Sunday, 20 June 2010

There's Rarely Any Anxiety On The Valium Run

"Have a bad day," the large, cocky and charmless school boy said to me as he got off the bus at his school

"What are doing, man?" The old woman shouted at her daughter who snapped back: "What do you think? I'm just miles away, laughing at myself."

There was a roe deer fawn standing in the middle of the road around one corner. Around another there was a man wearing only a pair of shorts looking like a typical English lobster after a day in the sun. When he turned round there was an enormous tattoo down his back. It was a Gothic style cross, stretching from shoulder to shoulder and from the nape of the neck to goodness knows where.

A Romanian Big Issue seller stood outside the betting shop in the tiny Northumbrian market town where I took my lunch break. There was also a Romanian looking accordionist stationed on a stool outside the Co-op playing the Harry Lime theme from the Third Man radically out of tune. They were strangely out of place as this town is very poor and it is difficult to imagine many coins being thrown in the box.

Still it brought a breath of fresh air to the town. The acoustics were good and the notes, even if they were not the right ones bounced beautifully off the public toilet block opposite the musician. If you shut your eyes for a brief moment you could imagine being on some Mediterranean street. Until the piercing Northumbrian wind, the smell of bovril fried fish and chips and the sound of "'ere we go, 'ere we go" coming from the folk sitting outside the pub round the corner stated otherwise. The sun and the lager were warming them up nicely in preparation for the upcoming England-Algeria World Cup match.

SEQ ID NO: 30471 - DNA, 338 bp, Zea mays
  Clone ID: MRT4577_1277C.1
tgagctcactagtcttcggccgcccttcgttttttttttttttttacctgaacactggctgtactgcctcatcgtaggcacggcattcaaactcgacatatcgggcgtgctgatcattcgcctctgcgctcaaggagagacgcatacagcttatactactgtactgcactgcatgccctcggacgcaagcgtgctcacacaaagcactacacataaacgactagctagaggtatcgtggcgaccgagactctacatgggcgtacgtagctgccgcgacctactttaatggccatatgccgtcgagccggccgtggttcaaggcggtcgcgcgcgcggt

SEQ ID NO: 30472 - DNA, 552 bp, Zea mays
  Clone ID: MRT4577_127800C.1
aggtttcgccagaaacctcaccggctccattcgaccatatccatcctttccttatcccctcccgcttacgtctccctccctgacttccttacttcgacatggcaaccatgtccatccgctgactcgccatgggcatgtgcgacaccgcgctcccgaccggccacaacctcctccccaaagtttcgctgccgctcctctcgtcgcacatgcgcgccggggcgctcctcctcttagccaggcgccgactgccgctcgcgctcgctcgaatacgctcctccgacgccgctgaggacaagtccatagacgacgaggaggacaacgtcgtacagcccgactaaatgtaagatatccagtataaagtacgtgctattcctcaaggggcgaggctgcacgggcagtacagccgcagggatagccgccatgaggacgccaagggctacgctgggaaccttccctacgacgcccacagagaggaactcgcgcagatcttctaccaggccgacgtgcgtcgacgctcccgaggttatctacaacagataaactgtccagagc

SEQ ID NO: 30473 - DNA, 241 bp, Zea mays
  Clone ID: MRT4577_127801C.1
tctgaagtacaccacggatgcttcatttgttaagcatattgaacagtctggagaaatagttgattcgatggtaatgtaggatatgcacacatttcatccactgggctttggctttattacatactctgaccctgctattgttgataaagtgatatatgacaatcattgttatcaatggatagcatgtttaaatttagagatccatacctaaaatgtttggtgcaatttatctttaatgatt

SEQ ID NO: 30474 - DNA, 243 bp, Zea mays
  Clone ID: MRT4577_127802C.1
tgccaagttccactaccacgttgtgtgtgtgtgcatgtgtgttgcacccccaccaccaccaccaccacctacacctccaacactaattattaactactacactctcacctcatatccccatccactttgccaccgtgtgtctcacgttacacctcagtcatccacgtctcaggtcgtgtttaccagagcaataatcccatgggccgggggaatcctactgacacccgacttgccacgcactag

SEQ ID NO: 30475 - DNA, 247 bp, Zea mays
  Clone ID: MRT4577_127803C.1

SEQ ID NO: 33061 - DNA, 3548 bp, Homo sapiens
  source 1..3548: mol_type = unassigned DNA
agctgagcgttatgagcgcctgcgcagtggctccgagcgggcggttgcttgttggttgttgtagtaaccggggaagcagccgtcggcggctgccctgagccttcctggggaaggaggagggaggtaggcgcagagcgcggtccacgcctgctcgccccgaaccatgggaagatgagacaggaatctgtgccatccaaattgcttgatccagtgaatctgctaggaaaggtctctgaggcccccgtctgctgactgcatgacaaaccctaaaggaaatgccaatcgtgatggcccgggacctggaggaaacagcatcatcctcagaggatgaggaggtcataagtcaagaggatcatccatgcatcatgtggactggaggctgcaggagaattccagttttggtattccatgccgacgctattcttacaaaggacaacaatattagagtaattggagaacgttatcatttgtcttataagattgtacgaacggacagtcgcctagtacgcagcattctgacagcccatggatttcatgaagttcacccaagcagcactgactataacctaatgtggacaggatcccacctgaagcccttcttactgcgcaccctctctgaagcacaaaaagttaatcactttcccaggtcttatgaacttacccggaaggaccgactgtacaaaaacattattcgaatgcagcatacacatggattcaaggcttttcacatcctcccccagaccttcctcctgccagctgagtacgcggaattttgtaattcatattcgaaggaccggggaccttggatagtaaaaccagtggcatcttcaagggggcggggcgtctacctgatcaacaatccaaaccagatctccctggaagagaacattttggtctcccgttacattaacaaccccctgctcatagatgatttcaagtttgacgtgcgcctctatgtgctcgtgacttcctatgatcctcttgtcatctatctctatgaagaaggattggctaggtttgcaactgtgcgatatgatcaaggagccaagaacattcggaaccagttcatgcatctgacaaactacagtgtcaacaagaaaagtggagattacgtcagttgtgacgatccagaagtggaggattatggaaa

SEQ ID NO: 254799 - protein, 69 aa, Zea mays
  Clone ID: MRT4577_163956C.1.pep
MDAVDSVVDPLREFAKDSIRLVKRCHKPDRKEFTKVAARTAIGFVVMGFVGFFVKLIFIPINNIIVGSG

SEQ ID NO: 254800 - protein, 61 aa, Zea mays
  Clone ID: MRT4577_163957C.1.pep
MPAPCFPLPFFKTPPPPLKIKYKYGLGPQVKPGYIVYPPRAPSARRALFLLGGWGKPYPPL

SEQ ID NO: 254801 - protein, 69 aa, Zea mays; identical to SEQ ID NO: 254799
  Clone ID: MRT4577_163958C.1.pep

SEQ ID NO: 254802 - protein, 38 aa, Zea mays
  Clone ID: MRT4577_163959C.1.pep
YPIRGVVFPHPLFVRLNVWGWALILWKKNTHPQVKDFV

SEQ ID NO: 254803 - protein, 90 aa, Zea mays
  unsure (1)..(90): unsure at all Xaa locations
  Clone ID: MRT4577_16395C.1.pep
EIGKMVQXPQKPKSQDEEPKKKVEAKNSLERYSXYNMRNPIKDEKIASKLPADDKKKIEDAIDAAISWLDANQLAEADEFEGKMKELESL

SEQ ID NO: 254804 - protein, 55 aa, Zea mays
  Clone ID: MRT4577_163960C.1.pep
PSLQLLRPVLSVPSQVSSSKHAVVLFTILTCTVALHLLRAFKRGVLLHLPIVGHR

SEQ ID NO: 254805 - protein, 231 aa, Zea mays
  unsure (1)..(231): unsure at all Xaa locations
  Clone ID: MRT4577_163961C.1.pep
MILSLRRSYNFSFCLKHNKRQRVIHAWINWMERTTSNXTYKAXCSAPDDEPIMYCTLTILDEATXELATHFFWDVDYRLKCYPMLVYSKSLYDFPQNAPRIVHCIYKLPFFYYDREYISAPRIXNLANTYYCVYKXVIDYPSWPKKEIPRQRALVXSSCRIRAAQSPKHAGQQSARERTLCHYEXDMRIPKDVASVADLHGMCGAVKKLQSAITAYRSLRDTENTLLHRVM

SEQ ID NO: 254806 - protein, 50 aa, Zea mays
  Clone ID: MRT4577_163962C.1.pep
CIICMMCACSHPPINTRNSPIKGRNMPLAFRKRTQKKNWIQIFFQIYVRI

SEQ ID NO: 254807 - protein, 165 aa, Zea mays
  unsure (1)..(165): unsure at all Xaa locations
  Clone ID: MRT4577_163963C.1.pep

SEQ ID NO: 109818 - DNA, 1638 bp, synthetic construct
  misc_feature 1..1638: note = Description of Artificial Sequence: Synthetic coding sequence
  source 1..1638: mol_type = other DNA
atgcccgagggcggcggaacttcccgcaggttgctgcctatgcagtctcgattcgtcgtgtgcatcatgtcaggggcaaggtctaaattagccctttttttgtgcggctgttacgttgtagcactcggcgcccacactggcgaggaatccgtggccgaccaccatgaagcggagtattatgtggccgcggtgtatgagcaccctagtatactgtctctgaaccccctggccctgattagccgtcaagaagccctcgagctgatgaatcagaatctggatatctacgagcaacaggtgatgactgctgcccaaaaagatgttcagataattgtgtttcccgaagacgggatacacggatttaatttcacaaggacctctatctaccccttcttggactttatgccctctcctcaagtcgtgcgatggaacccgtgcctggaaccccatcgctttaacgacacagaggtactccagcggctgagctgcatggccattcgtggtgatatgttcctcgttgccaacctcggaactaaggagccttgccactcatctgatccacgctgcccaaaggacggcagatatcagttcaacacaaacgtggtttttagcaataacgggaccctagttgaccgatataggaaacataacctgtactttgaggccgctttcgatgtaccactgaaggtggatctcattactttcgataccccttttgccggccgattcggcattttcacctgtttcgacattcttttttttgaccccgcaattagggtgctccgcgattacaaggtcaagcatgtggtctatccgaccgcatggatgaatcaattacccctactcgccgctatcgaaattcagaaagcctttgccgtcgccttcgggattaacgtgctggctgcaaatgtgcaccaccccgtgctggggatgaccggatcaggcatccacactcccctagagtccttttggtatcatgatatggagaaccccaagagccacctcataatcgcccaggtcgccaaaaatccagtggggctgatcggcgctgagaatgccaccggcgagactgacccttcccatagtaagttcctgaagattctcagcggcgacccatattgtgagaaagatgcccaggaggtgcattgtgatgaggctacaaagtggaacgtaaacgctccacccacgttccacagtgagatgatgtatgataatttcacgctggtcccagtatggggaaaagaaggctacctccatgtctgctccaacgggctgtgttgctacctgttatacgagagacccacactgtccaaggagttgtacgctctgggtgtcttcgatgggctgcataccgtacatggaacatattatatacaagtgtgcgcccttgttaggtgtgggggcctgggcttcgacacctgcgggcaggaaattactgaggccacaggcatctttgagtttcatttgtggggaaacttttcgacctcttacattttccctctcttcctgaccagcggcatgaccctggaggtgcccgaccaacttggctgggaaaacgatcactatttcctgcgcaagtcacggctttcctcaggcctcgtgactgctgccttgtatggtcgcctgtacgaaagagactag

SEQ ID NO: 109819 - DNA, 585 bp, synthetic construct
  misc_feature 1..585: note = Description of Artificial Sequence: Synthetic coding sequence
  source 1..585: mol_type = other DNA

One of the regular passengers did her usual trick of giving me her fare of £3 in a plastic cash bag of 1p, 2p and 5p bits. A Czech bus driver on Hadrian's wall gave me some cans of Czech beer because I told him I thought the Czech Republik had very delicious knedliky (dumplings) and I was close to being manhandled by a group of Amazonian women with backpacks who demanded a free ride for their planned walk.

So it was far from a bad day. Unusual because it is on the route most of the bus drivers detest and call it the Valium Run. It is an eleven hour shift and there are complaints of it being boring with a lack of passengers.

For some reason, whenever I land 'the Valium', something out of the norm happens. Maybe Bill Bryson should have sat behind me on the bus when he wrote:

"He had the sort of face which makes you realise God does have a sense of humour."

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